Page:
The growth is a internal development with Chinese doing most of the conversions. The Communist effort to expel the foreign missionaries actually increased Christianity's successes because the cultural gap between missionaries and subjects was eliminated.
Protestants and Catholics are playing two different games when it comes to converting. The Catholic Church is now trying to negotiate and bring the "official" church in China back into communion. Pentecostal Protestants however are bypassing government controls and setting up their own house churches. So far the Protestants are winning.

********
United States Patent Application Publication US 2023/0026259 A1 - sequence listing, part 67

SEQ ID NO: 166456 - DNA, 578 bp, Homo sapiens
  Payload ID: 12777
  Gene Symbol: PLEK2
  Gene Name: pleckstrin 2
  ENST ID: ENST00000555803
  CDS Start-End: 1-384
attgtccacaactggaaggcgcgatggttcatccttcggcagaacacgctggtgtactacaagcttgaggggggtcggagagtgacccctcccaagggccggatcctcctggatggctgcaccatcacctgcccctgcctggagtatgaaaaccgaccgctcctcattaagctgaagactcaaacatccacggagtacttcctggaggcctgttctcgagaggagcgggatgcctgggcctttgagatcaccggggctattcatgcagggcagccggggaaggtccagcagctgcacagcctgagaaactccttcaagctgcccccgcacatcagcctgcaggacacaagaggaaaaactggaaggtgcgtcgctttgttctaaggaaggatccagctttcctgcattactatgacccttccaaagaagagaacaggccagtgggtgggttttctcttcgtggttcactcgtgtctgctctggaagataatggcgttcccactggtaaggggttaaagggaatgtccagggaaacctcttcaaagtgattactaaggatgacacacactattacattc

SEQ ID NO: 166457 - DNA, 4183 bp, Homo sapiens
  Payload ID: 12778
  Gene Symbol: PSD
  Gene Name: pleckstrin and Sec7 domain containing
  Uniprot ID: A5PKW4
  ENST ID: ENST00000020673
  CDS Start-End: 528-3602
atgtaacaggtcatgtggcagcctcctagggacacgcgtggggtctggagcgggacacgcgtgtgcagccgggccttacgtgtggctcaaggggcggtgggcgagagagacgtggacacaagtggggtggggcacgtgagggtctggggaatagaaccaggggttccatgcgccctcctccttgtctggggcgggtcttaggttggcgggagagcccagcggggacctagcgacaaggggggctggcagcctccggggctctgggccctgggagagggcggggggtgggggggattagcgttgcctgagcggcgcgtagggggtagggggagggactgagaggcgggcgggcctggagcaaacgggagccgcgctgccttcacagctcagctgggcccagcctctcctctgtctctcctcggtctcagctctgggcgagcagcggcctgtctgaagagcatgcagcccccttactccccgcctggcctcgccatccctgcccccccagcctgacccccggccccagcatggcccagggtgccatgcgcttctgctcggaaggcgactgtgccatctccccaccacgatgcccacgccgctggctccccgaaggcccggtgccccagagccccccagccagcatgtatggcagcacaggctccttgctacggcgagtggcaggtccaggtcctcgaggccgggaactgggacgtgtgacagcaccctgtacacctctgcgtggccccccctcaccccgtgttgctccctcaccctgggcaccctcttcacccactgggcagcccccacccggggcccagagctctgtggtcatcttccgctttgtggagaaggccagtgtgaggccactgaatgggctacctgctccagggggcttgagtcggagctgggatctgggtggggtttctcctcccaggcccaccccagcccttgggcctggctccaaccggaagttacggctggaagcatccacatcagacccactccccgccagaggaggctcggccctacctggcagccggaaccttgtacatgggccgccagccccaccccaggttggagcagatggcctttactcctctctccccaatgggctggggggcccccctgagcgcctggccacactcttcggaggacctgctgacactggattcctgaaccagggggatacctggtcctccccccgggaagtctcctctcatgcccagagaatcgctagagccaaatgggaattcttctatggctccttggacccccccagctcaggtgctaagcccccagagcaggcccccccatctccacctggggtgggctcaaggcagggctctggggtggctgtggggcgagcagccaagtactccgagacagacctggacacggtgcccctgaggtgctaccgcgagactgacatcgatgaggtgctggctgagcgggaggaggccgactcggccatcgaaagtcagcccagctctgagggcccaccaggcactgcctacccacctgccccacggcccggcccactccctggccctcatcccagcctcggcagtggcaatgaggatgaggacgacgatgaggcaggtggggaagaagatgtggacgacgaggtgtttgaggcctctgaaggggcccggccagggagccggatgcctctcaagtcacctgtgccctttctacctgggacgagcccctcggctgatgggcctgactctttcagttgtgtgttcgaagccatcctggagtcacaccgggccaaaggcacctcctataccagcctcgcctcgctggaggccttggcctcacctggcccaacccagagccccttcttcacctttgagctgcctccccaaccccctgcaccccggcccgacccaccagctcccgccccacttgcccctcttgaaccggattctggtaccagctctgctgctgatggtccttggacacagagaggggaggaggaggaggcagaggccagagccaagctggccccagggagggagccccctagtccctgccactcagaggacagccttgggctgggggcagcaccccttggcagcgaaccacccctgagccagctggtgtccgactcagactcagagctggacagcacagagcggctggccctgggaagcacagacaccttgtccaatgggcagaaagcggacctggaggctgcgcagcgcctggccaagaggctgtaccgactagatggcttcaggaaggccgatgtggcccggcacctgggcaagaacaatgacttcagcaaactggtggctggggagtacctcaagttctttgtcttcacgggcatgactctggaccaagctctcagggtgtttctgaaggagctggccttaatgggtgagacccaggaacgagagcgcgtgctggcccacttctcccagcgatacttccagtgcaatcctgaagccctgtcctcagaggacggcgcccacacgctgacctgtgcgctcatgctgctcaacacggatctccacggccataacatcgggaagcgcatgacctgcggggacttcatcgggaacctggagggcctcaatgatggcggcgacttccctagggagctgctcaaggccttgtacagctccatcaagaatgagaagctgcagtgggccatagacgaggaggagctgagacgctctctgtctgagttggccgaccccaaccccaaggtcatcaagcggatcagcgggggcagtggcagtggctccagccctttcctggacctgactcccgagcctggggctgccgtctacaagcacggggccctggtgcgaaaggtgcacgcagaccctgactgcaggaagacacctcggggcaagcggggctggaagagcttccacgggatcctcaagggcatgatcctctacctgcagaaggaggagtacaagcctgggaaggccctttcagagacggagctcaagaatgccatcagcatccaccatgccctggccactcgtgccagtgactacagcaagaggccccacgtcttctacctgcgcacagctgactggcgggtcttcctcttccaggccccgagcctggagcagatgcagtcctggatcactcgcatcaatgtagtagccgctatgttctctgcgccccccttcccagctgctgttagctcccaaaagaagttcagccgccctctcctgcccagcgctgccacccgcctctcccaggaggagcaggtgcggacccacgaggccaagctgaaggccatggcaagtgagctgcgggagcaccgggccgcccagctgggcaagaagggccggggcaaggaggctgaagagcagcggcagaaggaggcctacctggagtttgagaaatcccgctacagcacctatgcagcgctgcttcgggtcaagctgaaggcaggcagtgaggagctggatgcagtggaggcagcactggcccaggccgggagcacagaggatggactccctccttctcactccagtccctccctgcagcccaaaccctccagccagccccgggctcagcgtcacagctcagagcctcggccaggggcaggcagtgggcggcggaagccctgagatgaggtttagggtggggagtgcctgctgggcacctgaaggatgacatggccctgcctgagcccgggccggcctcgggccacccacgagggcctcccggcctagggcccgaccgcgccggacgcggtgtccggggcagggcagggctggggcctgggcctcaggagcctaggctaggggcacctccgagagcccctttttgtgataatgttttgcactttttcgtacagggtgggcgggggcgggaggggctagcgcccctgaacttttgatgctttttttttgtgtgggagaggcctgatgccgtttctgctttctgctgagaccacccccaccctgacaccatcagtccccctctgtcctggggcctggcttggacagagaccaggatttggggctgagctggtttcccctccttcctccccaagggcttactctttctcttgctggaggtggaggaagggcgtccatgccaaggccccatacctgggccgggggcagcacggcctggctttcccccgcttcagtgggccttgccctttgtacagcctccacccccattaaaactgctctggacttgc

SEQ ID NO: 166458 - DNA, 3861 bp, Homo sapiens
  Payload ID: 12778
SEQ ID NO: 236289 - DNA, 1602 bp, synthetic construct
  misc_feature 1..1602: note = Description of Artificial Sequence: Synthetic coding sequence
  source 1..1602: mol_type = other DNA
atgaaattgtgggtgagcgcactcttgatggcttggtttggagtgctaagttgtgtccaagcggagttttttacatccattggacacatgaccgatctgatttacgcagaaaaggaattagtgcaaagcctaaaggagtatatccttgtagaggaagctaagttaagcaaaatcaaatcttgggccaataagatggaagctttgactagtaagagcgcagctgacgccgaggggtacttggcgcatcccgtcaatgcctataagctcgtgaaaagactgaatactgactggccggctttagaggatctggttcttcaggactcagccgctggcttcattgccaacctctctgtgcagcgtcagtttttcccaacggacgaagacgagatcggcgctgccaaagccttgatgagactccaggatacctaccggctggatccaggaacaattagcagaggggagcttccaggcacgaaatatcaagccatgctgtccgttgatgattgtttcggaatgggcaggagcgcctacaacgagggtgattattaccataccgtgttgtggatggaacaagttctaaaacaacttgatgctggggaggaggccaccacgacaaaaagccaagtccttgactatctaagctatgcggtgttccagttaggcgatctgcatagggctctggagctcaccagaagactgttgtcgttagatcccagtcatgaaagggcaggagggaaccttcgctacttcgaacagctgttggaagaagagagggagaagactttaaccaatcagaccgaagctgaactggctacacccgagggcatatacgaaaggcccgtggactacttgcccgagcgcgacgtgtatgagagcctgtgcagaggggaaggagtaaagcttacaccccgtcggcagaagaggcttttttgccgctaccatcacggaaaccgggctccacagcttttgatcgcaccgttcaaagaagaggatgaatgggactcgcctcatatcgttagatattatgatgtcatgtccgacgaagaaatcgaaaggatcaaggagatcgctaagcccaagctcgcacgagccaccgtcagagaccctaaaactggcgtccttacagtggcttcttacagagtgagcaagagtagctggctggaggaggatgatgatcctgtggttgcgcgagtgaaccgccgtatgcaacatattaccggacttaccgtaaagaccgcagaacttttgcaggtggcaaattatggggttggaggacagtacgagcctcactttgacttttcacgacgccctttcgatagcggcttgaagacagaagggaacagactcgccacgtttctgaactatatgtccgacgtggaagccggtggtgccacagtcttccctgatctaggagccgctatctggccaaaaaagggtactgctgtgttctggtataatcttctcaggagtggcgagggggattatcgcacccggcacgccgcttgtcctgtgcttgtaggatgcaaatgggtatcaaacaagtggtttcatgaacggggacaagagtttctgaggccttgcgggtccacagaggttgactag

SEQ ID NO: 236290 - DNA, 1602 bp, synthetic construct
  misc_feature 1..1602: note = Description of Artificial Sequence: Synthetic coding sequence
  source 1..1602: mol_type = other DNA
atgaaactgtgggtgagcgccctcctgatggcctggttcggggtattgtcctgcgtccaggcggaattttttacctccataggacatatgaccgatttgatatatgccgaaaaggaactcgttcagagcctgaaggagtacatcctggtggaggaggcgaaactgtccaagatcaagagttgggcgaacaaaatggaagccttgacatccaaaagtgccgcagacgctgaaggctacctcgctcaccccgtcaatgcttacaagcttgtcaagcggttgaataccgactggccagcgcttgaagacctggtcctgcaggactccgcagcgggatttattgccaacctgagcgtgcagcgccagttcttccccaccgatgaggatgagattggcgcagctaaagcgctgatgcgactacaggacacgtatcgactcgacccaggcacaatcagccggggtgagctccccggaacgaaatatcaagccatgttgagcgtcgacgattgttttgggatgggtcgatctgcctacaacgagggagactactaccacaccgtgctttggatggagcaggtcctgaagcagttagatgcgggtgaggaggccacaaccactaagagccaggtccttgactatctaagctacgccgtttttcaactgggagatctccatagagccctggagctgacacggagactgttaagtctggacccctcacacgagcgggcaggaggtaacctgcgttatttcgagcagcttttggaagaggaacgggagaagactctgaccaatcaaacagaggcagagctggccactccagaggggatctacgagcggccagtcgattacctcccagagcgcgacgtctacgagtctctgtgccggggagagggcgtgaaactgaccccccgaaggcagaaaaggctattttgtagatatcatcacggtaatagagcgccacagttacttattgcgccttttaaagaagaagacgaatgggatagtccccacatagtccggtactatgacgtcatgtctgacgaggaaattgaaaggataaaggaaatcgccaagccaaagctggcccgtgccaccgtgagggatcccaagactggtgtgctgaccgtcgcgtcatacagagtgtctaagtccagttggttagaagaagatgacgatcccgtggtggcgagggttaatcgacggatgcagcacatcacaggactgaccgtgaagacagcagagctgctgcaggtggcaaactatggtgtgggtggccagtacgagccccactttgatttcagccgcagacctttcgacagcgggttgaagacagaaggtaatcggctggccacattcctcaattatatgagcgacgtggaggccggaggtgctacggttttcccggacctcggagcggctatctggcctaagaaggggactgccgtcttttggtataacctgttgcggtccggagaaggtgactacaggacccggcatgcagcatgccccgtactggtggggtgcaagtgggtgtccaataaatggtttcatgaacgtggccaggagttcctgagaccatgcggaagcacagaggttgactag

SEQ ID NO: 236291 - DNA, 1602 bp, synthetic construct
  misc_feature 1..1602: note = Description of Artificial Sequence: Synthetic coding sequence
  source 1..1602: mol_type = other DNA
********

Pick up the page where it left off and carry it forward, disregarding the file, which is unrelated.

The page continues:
Christianity is old in China but ever since the Nestorians were outlawed (it is rumored they nearly converted an emperor). Today the emptiness of a post-communist (not post-Communist) culture has Chinese searching for answers in religion. Christianity and Islam are leading the charge in gaining new followers.
So what does this all mean? Well, in the future the Pope has a growing chance at being Chinese (think what John Paul II was to the Soviets), an African-Chinese tag team might knock on your door asking if you know about Jesus, and of course there is also geopolitics. Would a more Christian China be open to better relations with the West? Time may tell.